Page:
Protection of Folklore

    The study of the legal protection of traditional and popular culture, commonly referred to as folklore, was greatly expanded in 1999.

    One subregional symposium and four regional consultations were organized in pursuance of the Plan of Action adopted by the UNESCO/WIPO World Forum on the Protection of Folklore, organized at Phuket, Thailand, in cooperation with the Thai Government, from 8 to 10 April 1997.

    The Symposium on the Protection of Traditional Knowledge and Expressions of Indigenous Cultures in the Pacific Islands was organized in cooperation with the General Secretariat of the Pacific Community, and the four regional consultations on the protection of expressions of folklore were organized in cooperation with WIPO:

  • for Africa, in Pretoria, from 23 to 25 March 1999,
  • for the Asia-Pacific region, in Hanoi, from 21 to 23 April 1999,
  • for the Arab States, in Tunis, from 25 to 27 May 1999,
  • for Latin America and the Caribbean, in Quito, from 14 to 16 June 1999.
  • Representatives of 83 States and observers from 21 regional intergovernmental and non-governmental organizations took part in these meetings.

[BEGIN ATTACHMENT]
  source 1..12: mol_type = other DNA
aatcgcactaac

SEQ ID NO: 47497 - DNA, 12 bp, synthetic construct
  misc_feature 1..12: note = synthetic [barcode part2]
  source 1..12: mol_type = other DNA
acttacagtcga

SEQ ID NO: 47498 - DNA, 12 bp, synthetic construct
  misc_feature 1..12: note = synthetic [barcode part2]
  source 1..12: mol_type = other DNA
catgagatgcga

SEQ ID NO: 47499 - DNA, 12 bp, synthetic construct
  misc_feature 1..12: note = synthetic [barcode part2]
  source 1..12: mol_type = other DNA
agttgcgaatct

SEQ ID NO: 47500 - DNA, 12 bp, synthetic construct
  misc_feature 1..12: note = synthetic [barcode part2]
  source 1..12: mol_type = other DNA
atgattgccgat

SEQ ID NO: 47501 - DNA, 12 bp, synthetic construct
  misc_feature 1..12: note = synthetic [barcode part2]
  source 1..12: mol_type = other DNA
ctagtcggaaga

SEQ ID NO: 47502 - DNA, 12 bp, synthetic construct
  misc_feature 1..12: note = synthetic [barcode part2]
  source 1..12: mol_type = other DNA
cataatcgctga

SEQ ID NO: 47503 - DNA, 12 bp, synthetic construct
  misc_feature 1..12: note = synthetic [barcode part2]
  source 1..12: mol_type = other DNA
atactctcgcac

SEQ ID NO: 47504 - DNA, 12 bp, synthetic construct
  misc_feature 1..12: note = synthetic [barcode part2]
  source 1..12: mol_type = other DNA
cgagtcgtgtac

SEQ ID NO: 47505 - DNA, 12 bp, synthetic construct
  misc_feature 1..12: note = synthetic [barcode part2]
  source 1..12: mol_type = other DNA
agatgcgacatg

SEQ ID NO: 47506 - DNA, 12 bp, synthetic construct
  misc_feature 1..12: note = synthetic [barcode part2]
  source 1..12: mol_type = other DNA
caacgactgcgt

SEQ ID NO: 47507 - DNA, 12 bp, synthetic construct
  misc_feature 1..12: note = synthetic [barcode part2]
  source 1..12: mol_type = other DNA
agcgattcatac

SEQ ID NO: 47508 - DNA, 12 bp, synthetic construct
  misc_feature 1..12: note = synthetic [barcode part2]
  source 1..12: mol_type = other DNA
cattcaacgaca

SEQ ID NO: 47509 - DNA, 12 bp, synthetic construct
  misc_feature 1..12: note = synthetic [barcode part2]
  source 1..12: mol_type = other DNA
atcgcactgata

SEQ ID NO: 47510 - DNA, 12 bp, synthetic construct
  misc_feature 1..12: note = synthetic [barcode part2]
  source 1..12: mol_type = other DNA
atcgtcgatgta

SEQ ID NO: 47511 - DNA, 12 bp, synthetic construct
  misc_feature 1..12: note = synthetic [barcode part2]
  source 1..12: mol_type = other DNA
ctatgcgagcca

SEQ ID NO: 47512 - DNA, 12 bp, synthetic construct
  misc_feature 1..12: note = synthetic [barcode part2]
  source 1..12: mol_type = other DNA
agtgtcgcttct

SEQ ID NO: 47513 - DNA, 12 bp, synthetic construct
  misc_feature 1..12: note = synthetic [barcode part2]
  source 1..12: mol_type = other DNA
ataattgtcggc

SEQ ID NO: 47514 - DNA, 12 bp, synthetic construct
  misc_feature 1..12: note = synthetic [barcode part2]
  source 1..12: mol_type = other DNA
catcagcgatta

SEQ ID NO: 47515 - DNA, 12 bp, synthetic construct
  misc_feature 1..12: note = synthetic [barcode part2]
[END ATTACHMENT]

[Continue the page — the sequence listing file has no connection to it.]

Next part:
The aims of these regional consultations were:

  • to take stock of national experience relating to legal protection and to the identification, preservation, conservation and dissemination of folklore, and of the need for States to involve society as a whole more fully in the safeguarding of this heritage;
  • to explore the most appropriate legal means of ensuring effective national protection of both aspects of this heritage: traditional artistic expressions and traditional knowledge, constantly in danger of dying out, of prejudicial distortion and unwanted economic exploitation;
  • to explore possibilities of providing international legal protection for this heritage through the existing regime of treaty norms for intellectual property protection, and the need to devise a new form of international protection that is more specific, more operational and more practicable, and that will achieve a broad consensus among both the developing and the industrialized countries; 
  • to target the priority measures of practical assistance that the international community should take to assist developing countries in their efforts to ensure the legal protection as well as the preservation and conservation of this rich heritage of humanity.
  • The results of the work of these regional meetings are illustrated in the summary of the discussions and the Final Declaration adopted at each of the meetings.